Medly: How has your approach to supporting patients changed during the COVID-19 pandemic?
Dr. Castillo: Initially people were pretty reluctant to come into the practice, not knowing what measurements we were taking to protect them and protect us. Before, people were able to come in at any time, whenever they wanted to. Now, we have them a set schedule to make sure we don’t have too many patients at the same time and can get their temperatures taken. It’s taken a toll on the volume of patients we can see during the day. I think, in a way, that it has also increased the quality of how we care for the patients too, because we’re forced to have less people at one time. So I think, for me, it’s actually improving the quality of care for patients.
Medly: How did you go into private practice?
Dr. Castillo: When you’re in private practice, you are providing quality care. And that’s what I wanted to do and practice has been here for 38 years!
Medly: Do you have any advice for somebody that is interested in podiatry?
Dr. Castillo: The truth is it never gets easier, but as long as you love what you’re doing, you’re going to be great at it. There’s so many fields in podiatry. There’s sports medicine. There’s wound care. There’s the surgical aspect of it. There’s the dermatologic aspect of it. It’s a field that’s growing. It’s also a field that gives you family time. That’s something that you’re going to value in the future. It’s one of those fields that people come into the office, they come in with pain. 95% of them leave with no pain. It’s gratifying. So if they want to go for it, I’d definitely say go with it because it’s worth every single penny.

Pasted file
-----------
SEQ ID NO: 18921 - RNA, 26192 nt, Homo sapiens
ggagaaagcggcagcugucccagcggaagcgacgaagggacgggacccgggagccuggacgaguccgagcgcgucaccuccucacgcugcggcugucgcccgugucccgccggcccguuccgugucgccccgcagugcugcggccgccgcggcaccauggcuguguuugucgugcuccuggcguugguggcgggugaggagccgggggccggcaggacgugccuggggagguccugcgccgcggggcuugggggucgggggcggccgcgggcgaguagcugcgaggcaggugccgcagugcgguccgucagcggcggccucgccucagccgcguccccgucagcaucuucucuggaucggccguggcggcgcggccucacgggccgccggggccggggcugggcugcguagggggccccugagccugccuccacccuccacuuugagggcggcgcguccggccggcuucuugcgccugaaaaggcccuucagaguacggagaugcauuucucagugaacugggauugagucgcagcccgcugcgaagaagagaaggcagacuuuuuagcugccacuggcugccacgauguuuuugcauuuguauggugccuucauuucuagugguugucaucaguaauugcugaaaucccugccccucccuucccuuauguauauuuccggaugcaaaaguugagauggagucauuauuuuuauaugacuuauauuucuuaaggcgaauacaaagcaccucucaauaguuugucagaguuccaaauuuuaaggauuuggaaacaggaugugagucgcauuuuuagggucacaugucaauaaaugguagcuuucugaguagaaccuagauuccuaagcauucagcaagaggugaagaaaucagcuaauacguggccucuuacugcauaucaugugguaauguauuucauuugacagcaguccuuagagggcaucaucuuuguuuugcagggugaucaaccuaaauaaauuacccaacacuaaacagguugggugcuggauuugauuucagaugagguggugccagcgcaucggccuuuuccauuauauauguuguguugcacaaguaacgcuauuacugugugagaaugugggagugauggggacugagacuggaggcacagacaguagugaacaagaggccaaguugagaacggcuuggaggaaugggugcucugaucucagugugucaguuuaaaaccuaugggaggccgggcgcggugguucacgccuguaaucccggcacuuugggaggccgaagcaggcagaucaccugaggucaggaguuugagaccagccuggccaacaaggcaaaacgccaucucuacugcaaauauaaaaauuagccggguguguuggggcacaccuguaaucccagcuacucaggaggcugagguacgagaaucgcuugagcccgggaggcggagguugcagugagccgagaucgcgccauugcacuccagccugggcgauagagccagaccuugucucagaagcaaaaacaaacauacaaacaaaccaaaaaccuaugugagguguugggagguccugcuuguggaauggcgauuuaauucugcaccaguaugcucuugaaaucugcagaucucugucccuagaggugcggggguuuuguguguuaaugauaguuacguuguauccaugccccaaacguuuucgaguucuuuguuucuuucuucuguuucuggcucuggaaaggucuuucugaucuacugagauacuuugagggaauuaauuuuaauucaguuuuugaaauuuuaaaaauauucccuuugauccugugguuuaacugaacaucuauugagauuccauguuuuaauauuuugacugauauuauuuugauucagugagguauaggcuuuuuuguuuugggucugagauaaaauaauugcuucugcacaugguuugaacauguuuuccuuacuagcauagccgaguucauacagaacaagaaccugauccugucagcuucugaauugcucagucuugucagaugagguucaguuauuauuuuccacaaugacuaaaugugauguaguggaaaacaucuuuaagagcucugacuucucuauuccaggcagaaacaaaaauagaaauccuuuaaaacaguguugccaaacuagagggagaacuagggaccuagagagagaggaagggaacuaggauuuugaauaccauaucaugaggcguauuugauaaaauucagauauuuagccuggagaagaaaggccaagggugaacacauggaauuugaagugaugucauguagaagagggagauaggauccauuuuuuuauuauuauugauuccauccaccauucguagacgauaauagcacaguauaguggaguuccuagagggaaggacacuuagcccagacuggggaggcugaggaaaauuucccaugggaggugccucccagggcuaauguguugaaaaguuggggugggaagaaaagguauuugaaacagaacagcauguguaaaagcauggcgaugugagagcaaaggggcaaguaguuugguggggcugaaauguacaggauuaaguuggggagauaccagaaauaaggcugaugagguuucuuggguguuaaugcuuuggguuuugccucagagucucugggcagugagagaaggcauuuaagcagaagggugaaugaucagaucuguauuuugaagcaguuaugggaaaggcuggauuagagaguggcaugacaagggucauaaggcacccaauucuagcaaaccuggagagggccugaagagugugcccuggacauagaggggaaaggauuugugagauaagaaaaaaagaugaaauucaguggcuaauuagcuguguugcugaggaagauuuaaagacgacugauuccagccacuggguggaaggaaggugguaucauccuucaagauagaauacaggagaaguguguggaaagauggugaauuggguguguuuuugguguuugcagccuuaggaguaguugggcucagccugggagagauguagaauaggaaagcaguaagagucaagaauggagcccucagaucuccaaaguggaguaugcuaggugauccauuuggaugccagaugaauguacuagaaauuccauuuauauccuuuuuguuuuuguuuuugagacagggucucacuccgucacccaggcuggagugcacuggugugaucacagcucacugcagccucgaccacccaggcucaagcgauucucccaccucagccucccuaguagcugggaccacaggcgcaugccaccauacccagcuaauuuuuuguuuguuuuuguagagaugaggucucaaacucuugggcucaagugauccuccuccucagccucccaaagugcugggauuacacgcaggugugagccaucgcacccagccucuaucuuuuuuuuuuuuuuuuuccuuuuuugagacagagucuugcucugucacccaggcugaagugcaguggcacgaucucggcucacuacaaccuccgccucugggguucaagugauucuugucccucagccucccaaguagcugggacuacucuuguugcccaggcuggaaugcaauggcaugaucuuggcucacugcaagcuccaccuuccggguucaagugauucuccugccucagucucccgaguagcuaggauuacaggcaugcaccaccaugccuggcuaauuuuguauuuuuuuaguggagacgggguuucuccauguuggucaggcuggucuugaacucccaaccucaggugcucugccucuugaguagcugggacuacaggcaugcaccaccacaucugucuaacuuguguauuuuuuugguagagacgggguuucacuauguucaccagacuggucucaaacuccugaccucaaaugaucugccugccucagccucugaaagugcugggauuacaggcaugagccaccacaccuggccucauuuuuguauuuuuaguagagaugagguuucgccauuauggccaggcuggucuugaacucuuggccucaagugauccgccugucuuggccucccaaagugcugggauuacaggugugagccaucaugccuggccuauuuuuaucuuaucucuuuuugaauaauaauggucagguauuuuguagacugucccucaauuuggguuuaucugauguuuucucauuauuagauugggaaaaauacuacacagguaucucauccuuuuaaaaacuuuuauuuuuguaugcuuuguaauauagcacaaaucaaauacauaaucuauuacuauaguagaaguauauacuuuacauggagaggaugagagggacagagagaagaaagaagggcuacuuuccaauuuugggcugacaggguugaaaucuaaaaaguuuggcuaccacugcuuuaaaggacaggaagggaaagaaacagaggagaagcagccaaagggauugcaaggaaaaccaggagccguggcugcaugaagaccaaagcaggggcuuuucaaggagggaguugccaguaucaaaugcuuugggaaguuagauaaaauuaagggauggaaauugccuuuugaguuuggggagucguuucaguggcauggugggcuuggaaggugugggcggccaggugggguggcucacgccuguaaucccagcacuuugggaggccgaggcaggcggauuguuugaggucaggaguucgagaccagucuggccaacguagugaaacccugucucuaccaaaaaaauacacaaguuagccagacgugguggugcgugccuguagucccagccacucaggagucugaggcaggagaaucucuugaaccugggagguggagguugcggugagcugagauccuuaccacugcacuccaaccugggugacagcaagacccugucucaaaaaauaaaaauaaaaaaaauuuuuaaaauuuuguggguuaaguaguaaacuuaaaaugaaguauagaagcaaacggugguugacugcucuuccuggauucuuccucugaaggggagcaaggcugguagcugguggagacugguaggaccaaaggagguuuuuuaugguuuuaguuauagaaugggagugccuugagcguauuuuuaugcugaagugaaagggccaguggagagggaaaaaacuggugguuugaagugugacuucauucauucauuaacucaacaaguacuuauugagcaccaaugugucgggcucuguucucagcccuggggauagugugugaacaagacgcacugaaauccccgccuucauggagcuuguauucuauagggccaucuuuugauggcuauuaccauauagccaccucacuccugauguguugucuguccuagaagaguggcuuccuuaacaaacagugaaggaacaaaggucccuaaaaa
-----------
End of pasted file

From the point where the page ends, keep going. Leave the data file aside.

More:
Medly: How do you stay up to date on the latest news and trends in your specialty?
Dr. Castillo: ABPS, ABPM. These are my go-to programs for me to read more about what’s going on in podiatry. Staying up-to-date is a must, and it’s something that’s easily accessible now. You can just go online and take a class for two, three hours.
Medly: How has your experience with Medly been so far?
Dr. Castillo: So far the service that you have offered has been outstanding. No complaints from the patients. You go above and beyond. If you can’t deliver the medication to the patients, it will be here in the office for them two days later. That’s a service that you don’t really get much in other specialty pharmacies.
Medly: How do you select which patients you send to Medly?
Dr. Castillo: Usually I send patients who need medications that are really hard to get. The other offices, the other pharmacies aren’t able to get them, especially when it comes to wound care. Wound care is a big part of our practice and then finding a pharmacy that’s able to offer those products right away to the patients is something that we need and it’s something that I get from Medly
To find out more about Dr. Castillo, or his work at Bronx Foot Care, visit bronxfootcare.com